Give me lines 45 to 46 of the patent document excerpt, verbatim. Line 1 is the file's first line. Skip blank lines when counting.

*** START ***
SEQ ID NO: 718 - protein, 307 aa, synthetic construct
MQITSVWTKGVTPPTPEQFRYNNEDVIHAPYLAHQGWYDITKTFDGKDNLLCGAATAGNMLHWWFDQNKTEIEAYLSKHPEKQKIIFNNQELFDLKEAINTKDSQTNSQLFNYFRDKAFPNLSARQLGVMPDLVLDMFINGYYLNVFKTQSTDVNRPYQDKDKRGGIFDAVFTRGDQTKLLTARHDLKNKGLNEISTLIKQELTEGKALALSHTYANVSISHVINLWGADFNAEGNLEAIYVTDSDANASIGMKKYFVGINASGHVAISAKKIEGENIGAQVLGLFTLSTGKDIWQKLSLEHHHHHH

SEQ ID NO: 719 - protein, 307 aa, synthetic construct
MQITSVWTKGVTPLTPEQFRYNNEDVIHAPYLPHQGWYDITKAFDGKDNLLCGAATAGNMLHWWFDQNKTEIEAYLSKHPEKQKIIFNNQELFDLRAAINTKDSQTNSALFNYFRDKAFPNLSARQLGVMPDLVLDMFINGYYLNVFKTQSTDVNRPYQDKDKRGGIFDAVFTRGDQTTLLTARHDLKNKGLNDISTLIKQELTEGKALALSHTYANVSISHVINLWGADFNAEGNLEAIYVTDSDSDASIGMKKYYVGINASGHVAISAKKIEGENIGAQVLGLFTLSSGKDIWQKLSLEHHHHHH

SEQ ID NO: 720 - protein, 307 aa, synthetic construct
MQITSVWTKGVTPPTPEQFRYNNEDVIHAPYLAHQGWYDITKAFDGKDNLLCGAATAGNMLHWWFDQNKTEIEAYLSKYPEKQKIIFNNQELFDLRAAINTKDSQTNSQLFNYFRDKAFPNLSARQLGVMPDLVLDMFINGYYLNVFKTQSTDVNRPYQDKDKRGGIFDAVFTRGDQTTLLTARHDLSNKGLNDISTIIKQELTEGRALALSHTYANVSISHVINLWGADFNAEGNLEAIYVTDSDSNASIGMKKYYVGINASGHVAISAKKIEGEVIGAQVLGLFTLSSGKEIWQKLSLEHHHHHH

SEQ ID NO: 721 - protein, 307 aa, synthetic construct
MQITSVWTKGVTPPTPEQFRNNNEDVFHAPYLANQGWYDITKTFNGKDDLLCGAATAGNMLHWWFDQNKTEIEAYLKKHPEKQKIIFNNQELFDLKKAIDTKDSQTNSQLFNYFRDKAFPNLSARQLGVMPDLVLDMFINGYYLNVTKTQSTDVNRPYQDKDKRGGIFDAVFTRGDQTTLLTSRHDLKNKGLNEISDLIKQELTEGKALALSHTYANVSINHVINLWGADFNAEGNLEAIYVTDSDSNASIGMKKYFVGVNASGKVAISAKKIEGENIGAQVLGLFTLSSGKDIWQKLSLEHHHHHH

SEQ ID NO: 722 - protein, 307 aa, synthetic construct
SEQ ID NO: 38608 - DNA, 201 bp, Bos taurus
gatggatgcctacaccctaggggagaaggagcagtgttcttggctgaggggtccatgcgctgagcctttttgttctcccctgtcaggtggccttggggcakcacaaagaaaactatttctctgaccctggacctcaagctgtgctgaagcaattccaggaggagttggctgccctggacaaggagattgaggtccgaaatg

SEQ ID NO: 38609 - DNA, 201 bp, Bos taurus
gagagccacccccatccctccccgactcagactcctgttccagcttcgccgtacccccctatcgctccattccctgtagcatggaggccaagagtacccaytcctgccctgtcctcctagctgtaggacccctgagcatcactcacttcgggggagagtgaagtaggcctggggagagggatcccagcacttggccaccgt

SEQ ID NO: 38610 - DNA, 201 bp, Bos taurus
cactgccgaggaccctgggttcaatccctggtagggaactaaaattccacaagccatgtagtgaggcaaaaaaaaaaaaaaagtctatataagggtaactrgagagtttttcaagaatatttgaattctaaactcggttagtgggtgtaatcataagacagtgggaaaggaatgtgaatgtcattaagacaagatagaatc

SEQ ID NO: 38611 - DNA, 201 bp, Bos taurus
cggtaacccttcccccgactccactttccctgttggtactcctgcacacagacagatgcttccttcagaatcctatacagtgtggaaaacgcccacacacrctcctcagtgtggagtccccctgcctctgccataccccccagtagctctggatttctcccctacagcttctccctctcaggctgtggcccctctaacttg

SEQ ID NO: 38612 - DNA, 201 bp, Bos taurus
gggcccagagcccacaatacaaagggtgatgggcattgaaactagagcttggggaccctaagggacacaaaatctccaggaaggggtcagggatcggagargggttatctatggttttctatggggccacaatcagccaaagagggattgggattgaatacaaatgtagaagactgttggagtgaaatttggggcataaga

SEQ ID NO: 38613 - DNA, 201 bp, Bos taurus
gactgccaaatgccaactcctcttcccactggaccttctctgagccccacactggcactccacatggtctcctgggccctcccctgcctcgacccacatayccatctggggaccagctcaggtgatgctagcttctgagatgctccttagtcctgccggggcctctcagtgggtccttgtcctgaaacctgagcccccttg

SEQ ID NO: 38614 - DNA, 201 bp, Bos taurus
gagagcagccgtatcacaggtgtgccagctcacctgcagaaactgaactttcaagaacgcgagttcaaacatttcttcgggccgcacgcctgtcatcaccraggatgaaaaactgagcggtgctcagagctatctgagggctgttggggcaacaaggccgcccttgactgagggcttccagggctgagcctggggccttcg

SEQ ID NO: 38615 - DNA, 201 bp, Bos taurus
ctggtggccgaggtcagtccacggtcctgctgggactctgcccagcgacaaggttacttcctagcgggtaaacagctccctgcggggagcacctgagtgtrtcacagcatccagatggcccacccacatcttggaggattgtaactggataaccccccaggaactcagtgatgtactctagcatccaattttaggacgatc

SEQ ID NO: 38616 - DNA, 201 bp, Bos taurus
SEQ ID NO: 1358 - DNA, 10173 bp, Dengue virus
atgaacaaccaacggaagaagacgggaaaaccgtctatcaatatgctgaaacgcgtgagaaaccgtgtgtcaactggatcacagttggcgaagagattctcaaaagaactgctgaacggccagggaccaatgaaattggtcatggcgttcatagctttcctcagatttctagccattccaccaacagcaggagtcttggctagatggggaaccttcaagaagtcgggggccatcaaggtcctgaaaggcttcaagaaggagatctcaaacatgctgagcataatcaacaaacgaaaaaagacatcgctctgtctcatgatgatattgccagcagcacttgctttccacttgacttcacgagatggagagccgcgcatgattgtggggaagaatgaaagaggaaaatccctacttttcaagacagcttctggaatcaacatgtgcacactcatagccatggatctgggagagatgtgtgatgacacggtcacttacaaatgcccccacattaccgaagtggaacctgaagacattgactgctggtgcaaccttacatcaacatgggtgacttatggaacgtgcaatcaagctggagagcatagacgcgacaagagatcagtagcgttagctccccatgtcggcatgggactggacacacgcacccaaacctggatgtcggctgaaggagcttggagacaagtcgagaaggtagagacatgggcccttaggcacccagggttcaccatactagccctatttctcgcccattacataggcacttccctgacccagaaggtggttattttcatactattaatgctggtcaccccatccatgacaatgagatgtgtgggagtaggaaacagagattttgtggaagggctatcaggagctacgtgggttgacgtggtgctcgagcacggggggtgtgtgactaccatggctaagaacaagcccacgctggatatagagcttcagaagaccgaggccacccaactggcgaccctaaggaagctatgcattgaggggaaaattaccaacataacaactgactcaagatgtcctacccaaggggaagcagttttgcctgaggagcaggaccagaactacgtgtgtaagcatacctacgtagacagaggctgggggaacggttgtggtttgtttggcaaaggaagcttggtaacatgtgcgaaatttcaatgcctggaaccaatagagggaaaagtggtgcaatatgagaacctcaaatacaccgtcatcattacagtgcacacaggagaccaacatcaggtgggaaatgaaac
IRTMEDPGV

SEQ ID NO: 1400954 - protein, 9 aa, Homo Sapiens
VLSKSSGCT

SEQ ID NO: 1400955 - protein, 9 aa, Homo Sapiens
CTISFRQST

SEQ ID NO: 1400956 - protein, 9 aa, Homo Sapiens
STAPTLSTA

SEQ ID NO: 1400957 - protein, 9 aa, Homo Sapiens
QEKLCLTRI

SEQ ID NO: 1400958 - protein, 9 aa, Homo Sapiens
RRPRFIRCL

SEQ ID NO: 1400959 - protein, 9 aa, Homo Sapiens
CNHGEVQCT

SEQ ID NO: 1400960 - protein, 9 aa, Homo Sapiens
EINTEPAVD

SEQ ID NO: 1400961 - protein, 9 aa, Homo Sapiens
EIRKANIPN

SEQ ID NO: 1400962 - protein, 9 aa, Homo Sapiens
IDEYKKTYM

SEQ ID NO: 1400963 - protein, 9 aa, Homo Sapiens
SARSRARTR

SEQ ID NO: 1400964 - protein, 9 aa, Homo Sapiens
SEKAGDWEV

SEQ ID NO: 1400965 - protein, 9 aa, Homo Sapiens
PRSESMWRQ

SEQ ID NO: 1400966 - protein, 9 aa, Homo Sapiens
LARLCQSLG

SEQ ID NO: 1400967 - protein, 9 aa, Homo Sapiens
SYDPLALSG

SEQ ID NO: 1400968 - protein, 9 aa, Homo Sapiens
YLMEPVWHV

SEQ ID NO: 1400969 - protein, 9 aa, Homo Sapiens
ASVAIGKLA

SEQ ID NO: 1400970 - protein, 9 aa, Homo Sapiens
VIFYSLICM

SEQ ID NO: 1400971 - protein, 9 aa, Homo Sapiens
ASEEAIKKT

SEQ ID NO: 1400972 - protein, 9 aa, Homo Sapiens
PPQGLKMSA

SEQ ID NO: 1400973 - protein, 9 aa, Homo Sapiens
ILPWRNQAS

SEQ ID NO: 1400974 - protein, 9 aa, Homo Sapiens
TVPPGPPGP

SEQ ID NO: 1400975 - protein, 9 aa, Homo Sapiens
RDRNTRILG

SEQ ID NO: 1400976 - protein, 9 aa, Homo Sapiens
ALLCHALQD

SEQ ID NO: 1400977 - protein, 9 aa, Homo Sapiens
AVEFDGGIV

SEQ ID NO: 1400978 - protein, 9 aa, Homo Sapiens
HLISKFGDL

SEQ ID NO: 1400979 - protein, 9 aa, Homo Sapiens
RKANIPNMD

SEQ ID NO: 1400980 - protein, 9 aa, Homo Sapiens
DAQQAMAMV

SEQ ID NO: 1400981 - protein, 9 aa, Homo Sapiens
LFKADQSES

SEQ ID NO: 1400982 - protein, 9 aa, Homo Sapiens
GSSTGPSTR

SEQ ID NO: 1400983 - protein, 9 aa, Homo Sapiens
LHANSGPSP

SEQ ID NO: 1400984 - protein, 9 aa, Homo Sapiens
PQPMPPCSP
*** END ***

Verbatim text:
EIRKANIPN

SEQ ID NO: 1400962 - protein, 9 aa, Homo Sapiens